Viola tricolor L.
CC = *
CW = 5
MOC = 7
Family - Violaceae
Habit - Annual forb with a slender, vertical taproot 1-3 mm thick.
Stems - Ascending to erect, to 35 cm long, often from a spreading base.
Leaves - Alternate and basal, subsessile to long-petiolate, simple, stipulate. Petioles glabrous. Stipules relatively large and leaflike, free from the petiole, deeply lobed with a fringe of several, long, linear or oblong-lanceolate segments on each side, the terminal segment much longer and broader than lateral ones, with 3 or more pairs of shallow, blunt or rounded teeth along the margins. Leaf blades 0.5-2.5 cm long, unlobed, obspatulate to nearly circular, rounded or angled to a bluntly or sharply pointed tip, narrowly angled to truncate at the base, the margins otherwise with 3 or more pairs of blunt or rounded teeth, the surfaces glabrous.
Inflorescences - Cleistogamous flowers not produced. Flower borne singly on stalks, these only slightly overtopping the leaves.
Flowers - Sepals 5-14 mm long, lanceolate, angled to a sharply pointed tip, the margins glabrous, the basal auricles well-developed. Corollas 10-25 mm long, appearing strongly frontally flattened in life, the petals longer than the sepals, yellowish orange to purple on the same flower, the upper petals commonly tinged or tipped with dark blue, the lateral and lower petals often with darker veins or dark purple lines, with a yellow throat (this usually best developed on the lower petal), the lateral petals bearded on the upper surface with mostly knob-shaped hairs, the lowermost petal glabrous on the upper surface, the spur 1-2 mm long, well-exserted beyond the sepal auricles, relatively stout. Stamens not exserted, typically not visible without dissection of the flower. Style enlarged into a globose, hollow stigmatic tip.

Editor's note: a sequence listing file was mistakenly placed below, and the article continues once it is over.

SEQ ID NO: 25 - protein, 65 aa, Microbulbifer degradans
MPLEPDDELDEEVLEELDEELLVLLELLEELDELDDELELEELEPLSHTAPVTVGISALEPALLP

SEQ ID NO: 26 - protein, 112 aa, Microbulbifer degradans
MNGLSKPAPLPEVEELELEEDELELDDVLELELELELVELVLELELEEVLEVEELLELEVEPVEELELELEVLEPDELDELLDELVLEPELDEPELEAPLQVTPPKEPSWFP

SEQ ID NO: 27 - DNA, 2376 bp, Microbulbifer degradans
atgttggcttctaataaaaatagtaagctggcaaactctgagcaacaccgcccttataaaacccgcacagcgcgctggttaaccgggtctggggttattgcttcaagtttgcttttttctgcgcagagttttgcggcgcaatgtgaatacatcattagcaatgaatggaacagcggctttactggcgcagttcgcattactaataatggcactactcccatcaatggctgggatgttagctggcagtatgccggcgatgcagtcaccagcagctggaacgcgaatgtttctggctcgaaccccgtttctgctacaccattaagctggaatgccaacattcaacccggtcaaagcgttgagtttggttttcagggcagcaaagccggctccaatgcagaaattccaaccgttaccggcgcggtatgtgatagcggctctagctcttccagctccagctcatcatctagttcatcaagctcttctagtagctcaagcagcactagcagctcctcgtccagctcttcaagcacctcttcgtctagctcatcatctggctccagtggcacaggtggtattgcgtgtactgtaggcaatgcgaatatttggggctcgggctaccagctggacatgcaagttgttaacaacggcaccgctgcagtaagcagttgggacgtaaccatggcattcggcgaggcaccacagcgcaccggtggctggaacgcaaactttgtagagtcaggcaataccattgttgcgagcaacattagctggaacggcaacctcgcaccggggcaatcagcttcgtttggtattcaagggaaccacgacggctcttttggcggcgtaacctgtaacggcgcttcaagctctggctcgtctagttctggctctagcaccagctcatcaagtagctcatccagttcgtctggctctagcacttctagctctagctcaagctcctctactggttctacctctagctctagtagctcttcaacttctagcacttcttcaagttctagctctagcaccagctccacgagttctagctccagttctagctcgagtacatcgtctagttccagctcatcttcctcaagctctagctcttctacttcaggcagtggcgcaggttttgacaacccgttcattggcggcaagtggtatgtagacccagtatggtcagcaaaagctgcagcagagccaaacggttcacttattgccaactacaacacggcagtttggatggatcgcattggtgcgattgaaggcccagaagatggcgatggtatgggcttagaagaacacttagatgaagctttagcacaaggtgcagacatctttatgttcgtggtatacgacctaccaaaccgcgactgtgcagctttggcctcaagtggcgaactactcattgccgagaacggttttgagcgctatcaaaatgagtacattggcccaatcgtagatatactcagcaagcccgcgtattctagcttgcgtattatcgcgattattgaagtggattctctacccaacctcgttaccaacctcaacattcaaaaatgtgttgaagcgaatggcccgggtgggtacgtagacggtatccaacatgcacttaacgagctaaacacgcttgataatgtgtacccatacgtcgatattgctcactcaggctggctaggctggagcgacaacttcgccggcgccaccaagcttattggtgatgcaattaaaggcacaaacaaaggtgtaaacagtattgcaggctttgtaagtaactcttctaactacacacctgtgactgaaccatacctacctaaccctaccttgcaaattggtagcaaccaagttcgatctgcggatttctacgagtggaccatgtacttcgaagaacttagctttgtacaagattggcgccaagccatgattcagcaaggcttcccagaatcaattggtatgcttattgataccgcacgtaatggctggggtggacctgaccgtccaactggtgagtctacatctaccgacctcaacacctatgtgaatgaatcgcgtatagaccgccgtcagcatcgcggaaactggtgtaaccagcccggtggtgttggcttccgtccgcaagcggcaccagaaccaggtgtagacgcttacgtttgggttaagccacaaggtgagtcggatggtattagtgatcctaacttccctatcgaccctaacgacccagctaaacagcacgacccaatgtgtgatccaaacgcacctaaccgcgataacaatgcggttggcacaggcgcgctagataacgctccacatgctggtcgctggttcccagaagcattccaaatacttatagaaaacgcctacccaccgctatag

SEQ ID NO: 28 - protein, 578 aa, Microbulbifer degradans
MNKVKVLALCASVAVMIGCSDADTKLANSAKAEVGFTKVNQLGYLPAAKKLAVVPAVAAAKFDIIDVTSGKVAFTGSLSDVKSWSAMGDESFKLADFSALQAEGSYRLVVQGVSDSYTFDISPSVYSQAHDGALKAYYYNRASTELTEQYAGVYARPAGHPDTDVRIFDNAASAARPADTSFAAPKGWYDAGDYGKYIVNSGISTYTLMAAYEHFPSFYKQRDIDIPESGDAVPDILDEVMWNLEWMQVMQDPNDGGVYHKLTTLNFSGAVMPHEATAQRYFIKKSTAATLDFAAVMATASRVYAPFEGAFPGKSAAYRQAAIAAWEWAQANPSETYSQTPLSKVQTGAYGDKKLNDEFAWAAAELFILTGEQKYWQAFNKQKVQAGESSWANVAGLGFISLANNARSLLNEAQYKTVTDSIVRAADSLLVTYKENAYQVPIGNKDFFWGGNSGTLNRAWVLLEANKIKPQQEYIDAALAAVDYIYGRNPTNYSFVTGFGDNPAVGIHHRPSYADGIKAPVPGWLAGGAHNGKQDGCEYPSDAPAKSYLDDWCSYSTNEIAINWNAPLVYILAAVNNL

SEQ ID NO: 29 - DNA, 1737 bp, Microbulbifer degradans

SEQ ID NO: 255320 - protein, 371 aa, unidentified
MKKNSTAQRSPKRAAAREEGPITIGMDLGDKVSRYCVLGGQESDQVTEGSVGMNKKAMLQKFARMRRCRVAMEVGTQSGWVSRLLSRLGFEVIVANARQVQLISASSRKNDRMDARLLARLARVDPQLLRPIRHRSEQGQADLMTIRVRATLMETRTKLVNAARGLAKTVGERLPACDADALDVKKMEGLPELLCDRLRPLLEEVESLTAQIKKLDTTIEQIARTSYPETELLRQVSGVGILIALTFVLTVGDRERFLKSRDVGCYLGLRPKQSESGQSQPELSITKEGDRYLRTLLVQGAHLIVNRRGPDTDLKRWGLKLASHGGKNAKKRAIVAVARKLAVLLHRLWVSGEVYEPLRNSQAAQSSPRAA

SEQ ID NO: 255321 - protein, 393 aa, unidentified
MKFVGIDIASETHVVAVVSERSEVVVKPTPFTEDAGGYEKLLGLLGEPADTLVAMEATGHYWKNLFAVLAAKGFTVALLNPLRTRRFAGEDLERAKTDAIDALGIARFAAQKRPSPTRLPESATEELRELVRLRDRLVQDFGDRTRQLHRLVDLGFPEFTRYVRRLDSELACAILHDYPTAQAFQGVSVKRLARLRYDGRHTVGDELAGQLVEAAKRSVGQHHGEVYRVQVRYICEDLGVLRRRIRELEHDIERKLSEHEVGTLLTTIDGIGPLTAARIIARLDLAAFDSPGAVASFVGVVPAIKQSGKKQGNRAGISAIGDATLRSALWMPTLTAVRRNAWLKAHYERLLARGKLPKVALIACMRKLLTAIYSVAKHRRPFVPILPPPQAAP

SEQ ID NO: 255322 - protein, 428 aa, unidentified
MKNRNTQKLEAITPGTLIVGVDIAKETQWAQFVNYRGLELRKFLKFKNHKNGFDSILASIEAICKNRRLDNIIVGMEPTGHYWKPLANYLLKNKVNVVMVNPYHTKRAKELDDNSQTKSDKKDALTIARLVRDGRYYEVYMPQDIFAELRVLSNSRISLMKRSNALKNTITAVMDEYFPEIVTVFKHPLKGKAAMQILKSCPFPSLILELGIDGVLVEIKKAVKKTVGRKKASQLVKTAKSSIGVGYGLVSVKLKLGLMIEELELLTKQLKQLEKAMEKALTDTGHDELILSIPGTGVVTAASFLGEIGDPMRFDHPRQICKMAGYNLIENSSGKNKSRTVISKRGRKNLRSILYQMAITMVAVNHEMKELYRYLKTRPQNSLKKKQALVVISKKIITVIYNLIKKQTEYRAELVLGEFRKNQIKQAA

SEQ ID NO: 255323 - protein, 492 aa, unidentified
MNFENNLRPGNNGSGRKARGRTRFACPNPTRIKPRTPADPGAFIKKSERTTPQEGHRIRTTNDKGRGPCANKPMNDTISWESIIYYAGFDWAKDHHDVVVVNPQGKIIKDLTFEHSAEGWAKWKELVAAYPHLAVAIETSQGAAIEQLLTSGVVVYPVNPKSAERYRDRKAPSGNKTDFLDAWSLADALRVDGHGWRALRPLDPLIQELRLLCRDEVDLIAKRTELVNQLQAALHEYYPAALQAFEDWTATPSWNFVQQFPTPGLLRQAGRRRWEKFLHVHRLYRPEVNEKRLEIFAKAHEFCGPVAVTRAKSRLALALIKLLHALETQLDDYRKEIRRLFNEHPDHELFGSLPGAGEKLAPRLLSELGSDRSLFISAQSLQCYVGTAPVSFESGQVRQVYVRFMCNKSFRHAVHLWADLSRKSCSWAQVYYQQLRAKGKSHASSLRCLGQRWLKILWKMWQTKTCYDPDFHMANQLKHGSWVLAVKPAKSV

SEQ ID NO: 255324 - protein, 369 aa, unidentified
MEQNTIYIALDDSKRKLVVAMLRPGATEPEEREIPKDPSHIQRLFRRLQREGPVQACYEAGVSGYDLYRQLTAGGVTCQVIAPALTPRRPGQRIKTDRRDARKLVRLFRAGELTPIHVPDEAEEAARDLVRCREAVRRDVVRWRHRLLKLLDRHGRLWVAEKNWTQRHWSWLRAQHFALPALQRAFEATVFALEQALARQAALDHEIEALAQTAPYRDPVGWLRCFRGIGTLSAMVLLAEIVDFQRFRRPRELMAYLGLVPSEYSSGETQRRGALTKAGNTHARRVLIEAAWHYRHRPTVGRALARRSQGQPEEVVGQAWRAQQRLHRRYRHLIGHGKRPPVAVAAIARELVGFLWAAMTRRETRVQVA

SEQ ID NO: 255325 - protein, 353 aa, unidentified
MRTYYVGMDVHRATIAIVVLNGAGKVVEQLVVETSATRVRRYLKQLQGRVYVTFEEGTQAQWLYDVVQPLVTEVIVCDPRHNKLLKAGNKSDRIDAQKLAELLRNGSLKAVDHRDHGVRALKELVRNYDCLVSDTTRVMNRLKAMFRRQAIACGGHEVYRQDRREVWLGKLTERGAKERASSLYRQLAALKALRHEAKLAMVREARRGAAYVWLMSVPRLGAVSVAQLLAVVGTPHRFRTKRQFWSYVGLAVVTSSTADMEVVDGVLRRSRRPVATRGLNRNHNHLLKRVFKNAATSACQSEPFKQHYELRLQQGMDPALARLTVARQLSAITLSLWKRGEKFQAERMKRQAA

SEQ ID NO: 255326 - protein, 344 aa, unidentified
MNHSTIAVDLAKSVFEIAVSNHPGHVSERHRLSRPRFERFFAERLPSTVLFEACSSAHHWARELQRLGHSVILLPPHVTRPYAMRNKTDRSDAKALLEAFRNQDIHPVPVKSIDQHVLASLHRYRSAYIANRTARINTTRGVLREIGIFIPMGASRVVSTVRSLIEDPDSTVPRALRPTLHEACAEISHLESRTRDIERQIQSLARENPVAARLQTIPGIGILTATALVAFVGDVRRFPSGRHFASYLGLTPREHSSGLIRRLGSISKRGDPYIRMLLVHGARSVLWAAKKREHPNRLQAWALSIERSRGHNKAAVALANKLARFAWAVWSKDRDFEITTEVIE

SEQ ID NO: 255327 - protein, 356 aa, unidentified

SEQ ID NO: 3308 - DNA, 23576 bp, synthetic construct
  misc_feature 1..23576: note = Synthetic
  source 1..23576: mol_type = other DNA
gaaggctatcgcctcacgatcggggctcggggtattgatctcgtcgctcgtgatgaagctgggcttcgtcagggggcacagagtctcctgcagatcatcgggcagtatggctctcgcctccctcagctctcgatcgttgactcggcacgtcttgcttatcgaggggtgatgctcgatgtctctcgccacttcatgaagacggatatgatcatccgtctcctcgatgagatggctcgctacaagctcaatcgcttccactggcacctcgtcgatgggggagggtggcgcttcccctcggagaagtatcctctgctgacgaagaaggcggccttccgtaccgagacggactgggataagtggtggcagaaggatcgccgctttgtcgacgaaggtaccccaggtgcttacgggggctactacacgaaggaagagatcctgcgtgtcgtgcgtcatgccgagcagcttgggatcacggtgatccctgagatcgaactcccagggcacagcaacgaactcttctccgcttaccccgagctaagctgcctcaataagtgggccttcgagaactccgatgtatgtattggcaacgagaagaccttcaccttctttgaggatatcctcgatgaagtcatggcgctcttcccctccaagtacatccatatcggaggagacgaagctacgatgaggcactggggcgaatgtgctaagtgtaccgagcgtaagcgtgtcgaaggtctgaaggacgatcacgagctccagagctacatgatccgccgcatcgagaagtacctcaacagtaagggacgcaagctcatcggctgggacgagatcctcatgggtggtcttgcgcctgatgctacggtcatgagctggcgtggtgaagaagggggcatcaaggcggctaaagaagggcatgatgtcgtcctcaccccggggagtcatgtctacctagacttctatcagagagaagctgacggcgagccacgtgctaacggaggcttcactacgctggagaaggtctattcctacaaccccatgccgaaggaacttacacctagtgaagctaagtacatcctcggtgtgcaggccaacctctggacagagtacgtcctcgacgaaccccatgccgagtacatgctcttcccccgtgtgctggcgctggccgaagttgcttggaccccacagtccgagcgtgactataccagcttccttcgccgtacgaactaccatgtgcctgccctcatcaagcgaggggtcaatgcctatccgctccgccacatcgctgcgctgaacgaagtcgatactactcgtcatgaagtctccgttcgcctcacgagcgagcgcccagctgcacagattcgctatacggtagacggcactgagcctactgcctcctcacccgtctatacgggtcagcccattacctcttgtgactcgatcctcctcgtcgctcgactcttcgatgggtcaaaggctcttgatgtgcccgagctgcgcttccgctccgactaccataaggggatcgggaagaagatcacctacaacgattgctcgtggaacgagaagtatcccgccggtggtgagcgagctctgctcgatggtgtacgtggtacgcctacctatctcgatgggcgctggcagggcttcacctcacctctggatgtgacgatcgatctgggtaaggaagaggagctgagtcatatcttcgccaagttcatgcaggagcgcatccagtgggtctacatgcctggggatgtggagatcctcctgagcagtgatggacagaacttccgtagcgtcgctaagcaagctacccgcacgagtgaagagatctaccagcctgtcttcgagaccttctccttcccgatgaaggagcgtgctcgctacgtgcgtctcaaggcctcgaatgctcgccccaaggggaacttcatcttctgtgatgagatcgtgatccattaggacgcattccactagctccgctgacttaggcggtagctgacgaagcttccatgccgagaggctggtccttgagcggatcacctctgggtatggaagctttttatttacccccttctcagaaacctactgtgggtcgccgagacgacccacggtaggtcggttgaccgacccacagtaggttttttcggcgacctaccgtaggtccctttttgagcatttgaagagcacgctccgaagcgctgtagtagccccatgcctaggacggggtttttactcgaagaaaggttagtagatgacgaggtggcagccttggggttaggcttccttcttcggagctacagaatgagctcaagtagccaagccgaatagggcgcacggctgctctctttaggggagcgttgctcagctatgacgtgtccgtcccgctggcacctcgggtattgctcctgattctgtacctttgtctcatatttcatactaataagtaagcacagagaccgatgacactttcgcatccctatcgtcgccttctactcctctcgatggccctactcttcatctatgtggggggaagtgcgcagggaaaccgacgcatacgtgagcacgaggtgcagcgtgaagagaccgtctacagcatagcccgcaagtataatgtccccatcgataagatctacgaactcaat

Fruits - Capsules 6-10 mm long, broadly ellipsoid, green, drying to tan, the surface glabrous. Seeds 1.5-1.7 mm long, tan.
Flowering - April - May.
Habitat - Cultivated, rarely escaped to lawns, railroads, open disturbed areas.
Origin - Native to Europe.
Other info. - This violet is quite colorful and is one of the parent species of the commonly cultivated "pansy." This species is rarely found wild in the state, and wild populations are generally uncommon throughout the continental U.S. It is most often found in cultivation. It requires little care once established and will re-seed itself year after year.
Photographs taken in Brown Summit, NC., 4-23-03 (DETenaglia).